If Missourians were near a television screen over the past year, they probably caught wind of how Eric Greitens wanted to overhaul the ethical culture in Jefferson City. His advertisements weren’t exactly a study in subtlety, especially when they showcased his desire to blow up politics as usual by sparking an explosion with a gun.
Now that Greitens is Missouri’s governor, the Republican official can’t just rely on metaphorical flourishes to get his agenda translated into laws. Instead, Greitens will need to depend on some of the politicians he derided in ads to get his ethics agenda past the finish line.
“Many of you have been good keepers of the public’s trust,” Greitens said during his State of the State address. “But too many good, strong public servants have come here only to see the will of the people obstructed and corrupted by insiders and lobbyists. This is a big place, with a powerful purpose, and it has too often been consumed by small goals and petty politics.”
Whether Greitens’ words bolster momentum to overhaul Missouri’s ethics laws remain to be seen. Past efforts have found mixed success, and have often run into bipartisan opposition in the Missouri Senate. And it’s an open question if the proposed changes will deter lawmakers from behaving unethically.
And there’s an added wrinkle to the ethics discussion: Uncertainty on what Missouri’s campaign finance system will look like after litigation against a recently-passed donation limit amendment runs its course.
Still, Republicans who control the legislature are willing to give the renewed ethics push a try – especially if it cleans up the tarnished pubic perception of state politics that Greitens spoke about during last year’s campaign.
“The combination of things we’re trying to do to improve overall the culture here in Jefferson City will improve the environment here,” said House Speaker Todd Richardson, R-Poplar Bluff. “And beyond that, I think it’s just the right thing to do.”
You just made the list
During his State of the State speech, focused on several major priorities: Banning legislators from taking meals, entertainment and travel from lobbyists; expanding the “cooling off” period before lawmakers can lobby; and amending the Missouri Constitution to apply term limits to statewide officials.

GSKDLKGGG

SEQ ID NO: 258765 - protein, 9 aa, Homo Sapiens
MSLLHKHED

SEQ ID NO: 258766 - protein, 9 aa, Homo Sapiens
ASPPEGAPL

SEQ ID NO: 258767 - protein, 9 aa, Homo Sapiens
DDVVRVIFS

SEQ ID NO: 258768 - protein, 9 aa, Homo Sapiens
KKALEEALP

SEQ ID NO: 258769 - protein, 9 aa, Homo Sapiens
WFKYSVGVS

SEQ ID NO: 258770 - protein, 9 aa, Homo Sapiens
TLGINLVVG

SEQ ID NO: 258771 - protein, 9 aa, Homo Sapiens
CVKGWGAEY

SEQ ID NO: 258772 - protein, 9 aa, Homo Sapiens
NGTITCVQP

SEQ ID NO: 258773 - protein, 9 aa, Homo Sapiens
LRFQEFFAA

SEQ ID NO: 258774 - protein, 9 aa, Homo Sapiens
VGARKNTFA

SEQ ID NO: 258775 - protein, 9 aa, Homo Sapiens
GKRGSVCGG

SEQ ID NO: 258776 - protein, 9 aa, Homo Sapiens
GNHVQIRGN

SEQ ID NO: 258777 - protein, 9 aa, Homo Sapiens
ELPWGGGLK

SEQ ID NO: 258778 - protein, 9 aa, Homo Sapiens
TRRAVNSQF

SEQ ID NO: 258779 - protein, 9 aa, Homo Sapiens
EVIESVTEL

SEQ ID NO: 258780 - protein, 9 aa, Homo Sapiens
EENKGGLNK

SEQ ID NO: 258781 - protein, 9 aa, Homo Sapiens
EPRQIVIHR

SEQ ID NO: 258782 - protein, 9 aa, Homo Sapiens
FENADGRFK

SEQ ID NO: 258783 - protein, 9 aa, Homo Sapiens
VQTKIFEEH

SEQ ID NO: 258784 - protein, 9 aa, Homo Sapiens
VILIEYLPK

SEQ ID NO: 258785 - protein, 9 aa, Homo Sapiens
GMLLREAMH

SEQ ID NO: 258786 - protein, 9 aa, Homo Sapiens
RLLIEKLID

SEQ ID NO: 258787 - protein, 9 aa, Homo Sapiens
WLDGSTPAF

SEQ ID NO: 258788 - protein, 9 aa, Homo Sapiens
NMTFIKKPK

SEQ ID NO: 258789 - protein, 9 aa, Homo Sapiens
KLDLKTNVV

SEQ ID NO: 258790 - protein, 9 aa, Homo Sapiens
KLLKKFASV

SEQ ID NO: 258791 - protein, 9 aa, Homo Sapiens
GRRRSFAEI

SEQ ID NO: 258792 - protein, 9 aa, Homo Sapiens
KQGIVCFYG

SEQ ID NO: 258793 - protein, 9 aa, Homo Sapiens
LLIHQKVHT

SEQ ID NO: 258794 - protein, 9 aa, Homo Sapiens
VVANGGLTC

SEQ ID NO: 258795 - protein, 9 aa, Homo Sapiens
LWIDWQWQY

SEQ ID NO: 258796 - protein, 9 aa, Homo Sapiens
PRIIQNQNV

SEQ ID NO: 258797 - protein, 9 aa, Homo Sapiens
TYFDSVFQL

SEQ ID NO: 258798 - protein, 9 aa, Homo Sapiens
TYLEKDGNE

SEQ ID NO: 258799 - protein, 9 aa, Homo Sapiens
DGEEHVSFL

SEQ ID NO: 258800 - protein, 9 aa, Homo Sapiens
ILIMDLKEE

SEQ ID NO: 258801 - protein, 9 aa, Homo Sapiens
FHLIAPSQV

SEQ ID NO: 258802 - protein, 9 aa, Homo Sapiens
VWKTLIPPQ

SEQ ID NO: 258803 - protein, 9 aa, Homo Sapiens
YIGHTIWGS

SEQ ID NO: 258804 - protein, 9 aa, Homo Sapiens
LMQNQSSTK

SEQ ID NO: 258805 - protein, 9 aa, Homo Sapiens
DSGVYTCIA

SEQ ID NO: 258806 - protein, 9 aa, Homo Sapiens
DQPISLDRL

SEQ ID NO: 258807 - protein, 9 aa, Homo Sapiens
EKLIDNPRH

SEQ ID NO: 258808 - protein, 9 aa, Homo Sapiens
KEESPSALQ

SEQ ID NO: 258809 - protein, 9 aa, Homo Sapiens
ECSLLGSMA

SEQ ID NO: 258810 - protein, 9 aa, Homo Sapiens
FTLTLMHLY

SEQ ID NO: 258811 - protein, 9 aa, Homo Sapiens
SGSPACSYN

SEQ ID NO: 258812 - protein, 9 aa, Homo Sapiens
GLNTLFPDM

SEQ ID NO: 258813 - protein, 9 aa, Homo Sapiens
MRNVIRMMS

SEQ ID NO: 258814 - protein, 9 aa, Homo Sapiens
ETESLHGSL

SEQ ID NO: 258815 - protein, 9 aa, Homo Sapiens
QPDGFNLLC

“This is the people’s government, and these basic measures will begin to restore our people’s trust in government,” Greitens said the speech.
At this early point in the legislative session, the term limit and cooling off period bills haven’t gone terribly far. But a bill largely curtailing lobbyist gifts passed the House fairly quickly.
Lawmakers from both parties have been trying to rein in lobbyist freebies for years, with little success. Detractors of the practice say it gives representatives of powerful interest groups a slice of time that wouldn’t be afforded to ordinary citizens. And even some lobbyists like former state Rep. Rodney Hubbard have expressed wariness about catering to lawmakers’ whims.
“Eighty or 90 percent of the people you ever talk to about an issue are where they are going to be anyway,” said Hubbard during a 2015 episode of the Politically Speaking podcast. “So when it comes to wining and dining, it takes up a lot of your time. You could be at a baseball game, you could be at a football game – but most people would rather be out with their families.”
State Rep. Justin Alferman’s bill bars most lobbyist gifts, with some exceptions. Some Democrats objected to, among other things, a provision that would allow lobbyists to provide free dinners, as long as every lawmaker and statewide elected official receives a written invitation to the event within 72 hours. Still, only five House members ended up voting against Alferman’s legislation.
“While it’s not perfect, it’s a start,” said state Rep. Donna Baringer, D-St. Louis. “We had nothing prior, now we have something. So from that perspective, I think it’s a good start.”
Despite some early rhetorical and legislative momentum, there’s no guarantee that lawmakers will end up satisfying Greitens’ ethics agenda.
Efforts to pass strict lobbyist gift bans and longer cooling off periods have run into Senate opposition. And Senate President Pro Tem Ron Richard wasn't enthusiastic about Greitens’ proposal to impliment a “one-to-one” cooling off period. That would mean if somebody served in the legislature for 16 years, they’d have to wait 16 years before they could lobby.
Last year, some members of the Missouri Senate raised philosophical objections to the direction of ethics bills. Some lawmakers in that chamber, like Sen. Dave Schatz, R-Sullivan, have said that the public perception of what lobbyists do is often misunderstood.